The phrase "Khabs am Pekht" (light in extension) is translated אור בפאהה (AVR BPAHH) in Sepher Sephiroth. While "light" is "aur", yes, and "in" can be rendered "b-", PAHH is more of a mystery.
I've not been able to find a good match for the word in Jastrow's dictionary of Targumim, or in Strong's Concordance. I find PAH, "corner", but no form of it gets an extra H, and it doesn't really have that "extension, radiating, shining" connotation, so far as I can tell. Or PH, "mouth", which can mean "edge"; that might be more meaningful, but I cannot find a spelling of that word as PAHH or even PAH.
I note that the value of the phrase is 300, the number of Liber CCC Khabs am Pekht, which makes me wonder: Did Crowley contrive a word which would add up to 300? Or did he get the word (through some means) with no preference as to its number and it happened to be 300? Am I forgetting some Golden Dawn significance to 300 which would have made that a desirable value?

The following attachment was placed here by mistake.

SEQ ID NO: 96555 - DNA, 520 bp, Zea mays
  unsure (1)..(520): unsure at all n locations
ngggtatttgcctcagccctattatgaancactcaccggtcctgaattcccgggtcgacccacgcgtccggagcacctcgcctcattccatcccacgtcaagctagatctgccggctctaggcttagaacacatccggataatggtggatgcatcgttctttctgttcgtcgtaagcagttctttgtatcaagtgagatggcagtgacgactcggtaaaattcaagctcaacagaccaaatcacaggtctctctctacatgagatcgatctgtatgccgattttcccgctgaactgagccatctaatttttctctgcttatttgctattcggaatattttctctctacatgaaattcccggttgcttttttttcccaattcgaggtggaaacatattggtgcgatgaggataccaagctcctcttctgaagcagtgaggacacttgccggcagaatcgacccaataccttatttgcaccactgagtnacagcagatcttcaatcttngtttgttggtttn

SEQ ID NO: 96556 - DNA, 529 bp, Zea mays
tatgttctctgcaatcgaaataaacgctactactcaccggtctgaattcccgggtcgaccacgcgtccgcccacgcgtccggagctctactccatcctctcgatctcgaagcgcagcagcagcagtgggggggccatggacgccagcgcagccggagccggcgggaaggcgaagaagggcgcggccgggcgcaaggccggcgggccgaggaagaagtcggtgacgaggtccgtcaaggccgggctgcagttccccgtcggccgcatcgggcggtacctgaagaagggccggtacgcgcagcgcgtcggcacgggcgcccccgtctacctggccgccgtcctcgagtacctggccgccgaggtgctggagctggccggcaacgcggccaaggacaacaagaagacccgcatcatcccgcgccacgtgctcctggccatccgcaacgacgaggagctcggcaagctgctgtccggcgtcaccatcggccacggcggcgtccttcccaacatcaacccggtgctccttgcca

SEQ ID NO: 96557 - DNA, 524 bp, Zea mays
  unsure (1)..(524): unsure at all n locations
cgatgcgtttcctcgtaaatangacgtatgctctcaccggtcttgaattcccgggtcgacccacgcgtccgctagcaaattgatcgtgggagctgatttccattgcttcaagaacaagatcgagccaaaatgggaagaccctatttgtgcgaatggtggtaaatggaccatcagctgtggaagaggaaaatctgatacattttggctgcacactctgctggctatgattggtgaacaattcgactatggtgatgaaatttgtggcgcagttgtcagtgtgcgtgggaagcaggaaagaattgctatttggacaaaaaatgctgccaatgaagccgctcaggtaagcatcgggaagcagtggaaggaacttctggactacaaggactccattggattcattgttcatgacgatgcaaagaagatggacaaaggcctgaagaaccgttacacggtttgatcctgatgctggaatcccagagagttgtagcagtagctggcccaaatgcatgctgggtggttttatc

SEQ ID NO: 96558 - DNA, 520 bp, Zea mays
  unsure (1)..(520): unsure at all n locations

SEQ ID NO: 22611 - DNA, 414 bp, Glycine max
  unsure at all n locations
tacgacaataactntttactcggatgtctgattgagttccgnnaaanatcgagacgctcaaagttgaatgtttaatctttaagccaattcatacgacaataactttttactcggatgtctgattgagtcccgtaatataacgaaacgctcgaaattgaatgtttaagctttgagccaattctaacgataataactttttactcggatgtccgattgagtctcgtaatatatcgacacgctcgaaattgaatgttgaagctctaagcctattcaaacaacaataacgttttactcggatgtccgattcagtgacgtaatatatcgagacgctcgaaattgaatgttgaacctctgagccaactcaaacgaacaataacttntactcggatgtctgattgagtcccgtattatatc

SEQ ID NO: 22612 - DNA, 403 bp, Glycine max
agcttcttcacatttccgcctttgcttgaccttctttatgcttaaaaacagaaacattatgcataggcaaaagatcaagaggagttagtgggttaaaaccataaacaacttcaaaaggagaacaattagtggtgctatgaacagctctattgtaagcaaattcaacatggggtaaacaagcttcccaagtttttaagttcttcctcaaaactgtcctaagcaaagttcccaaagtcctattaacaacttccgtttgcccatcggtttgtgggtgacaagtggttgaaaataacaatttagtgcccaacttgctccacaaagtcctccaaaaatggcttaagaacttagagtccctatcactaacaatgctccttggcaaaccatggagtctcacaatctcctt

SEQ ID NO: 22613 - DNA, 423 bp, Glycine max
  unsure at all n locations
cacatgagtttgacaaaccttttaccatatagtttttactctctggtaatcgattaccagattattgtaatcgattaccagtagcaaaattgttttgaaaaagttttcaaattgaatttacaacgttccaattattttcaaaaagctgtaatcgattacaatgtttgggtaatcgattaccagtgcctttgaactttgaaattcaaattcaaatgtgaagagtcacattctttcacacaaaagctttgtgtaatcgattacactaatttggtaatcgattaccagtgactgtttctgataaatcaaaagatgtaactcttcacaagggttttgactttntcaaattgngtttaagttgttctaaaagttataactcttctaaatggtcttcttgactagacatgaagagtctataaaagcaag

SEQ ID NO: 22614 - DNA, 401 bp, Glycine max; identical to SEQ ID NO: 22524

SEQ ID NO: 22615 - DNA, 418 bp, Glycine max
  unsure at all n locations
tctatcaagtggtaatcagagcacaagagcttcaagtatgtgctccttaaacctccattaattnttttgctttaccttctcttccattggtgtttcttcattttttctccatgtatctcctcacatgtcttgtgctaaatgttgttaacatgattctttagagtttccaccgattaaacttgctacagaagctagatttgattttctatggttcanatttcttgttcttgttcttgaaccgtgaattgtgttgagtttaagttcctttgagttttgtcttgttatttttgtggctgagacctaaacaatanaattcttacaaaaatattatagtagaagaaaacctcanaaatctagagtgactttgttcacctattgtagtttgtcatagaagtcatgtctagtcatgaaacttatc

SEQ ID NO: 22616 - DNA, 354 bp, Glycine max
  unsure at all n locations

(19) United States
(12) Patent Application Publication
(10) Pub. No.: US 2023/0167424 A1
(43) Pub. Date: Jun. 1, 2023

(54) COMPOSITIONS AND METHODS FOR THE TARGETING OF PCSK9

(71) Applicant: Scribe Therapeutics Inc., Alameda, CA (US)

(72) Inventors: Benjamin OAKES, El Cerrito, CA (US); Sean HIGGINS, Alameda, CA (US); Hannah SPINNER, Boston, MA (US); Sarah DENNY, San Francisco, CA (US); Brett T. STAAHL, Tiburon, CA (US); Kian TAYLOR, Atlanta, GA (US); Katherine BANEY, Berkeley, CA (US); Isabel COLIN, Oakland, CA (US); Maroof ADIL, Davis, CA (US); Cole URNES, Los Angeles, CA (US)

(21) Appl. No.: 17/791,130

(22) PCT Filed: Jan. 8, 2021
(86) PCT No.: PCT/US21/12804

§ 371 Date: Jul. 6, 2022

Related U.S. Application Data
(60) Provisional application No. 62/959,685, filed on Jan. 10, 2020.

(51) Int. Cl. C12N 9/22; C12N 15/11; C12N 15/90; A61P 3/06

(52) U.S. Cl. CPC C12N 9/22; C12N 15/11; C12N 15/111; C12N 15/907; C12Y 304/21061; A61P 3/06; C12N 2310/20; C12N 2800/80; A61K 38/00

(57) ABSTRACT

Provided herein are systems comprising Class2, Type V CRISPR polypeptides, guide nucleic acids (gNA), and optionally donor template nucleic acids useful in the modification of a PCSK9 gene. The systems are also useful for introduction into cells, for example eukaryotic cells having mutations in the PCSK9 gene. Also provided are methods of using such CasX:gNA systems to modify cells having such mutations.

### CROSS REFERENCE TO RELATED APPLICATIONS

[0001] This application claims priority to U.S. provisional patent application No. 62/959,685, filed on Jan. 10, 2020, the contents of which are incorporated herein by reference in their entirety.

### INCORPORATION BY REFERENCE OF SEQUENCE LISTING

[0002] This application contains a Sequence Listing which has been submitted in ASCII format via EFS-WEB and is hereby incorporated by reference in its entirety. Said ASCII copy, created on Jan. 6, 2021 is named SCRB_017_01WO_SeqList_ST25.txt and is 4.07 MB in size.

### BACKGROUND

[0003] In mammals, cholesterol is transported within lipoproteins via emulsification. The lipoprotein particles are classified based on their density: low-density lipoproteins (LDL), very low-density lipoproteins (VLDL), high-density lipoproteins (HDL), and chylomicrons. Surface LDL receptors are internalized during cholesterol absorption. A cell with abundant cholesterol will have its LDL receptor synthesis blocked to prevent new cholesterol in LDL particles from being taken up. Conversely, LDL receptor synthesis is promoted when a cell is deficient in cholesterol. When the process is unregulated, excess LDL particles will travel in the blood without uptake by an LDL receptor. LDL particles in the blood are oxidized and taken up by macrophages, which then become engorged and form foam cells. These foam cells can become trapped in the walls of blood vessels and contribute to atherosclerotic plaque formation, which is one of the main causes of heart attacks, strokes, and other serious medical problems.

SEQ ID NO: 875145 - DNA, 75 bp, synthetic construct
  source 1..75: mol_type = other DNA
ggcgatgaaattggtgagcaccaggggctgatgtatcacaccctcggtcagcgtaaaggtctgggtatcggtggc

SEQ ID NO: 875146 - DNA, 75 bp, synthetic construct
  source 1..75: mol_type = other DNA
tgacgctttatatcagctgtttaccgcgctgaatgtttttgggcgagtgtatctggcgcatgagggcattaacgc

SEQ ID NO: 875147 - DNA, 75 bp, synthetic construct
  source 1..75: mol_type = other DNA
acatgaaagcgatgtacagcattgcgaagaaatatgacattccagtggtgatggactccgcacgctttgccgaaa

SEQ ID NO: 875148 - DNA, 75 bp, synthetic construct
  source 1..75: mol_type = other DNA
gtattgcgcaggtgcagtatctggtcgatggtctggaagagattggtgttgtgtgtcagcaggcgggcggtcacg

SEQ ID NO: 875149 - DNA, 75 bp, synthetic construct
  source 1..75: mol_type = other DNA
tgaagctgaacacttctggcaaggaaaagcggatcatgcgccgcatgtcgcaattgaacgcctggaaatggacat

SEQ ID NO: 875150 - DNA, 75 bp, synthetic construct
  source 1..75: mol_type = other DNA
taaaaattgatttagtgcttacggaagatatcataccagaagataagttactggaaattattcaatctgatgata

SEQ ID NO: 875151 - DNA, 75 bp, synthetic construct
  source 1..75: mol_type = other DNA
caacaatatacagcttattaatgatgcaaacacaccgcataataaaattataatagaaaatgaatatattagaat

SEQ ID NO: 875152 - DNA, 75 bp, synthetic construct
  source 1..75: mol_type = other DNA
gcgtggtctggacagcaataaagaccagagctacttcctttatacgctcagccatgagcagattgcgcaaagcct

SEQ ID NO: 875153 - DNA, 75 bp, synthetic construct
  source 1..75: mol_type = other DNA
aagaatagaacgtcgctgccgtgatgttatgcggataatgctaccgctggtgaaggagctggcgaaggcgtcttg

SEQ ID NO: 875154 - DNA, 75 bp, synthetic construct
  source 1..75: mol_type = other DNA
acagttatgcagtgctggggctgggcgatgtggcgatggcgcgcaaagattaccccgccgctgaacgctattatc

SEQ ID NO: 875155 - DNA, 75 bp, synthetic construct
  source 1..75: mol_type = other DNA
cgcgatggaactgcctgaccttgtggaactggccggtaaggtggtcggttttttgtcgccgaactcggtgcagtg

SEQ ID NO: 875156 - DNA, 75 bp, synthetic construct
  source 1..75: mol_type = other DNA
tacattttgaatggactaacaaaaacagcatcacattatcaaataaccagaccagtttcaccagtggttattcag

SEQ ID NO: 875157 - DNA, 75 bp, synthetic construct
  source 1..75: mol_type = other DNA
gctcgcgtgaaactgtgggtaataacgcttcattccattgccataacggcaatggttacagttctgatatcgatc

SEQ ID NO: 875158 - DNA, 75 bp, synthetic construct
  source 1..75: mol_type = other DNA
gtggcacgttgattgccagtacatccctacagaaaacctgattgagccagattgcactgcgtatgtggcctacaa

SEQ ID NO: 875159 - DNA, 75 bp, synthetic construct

Really, all I can come up with at this point is he meant to transliterate "Pekht", literally, as though it were a proper name; and in fact, both Cheth and Tau can look a bit like He if you're not careful, so "b'pecht" בפאחת would be the result. (And then the Liber would be numbered 698!)
The latter theory seems plausible to me -- especially since I have just about finished my process of going through all of Sepher Sephiroth and correcting/corroborating it, and I know how often Crowley has transposed letters, or confused a Cheth for a He, or a Resh for a Daleth, or what have you.
So in short: Anyone know if 300 was important before Crowley put that entry in the book, or if not, a good etymology for the phrase?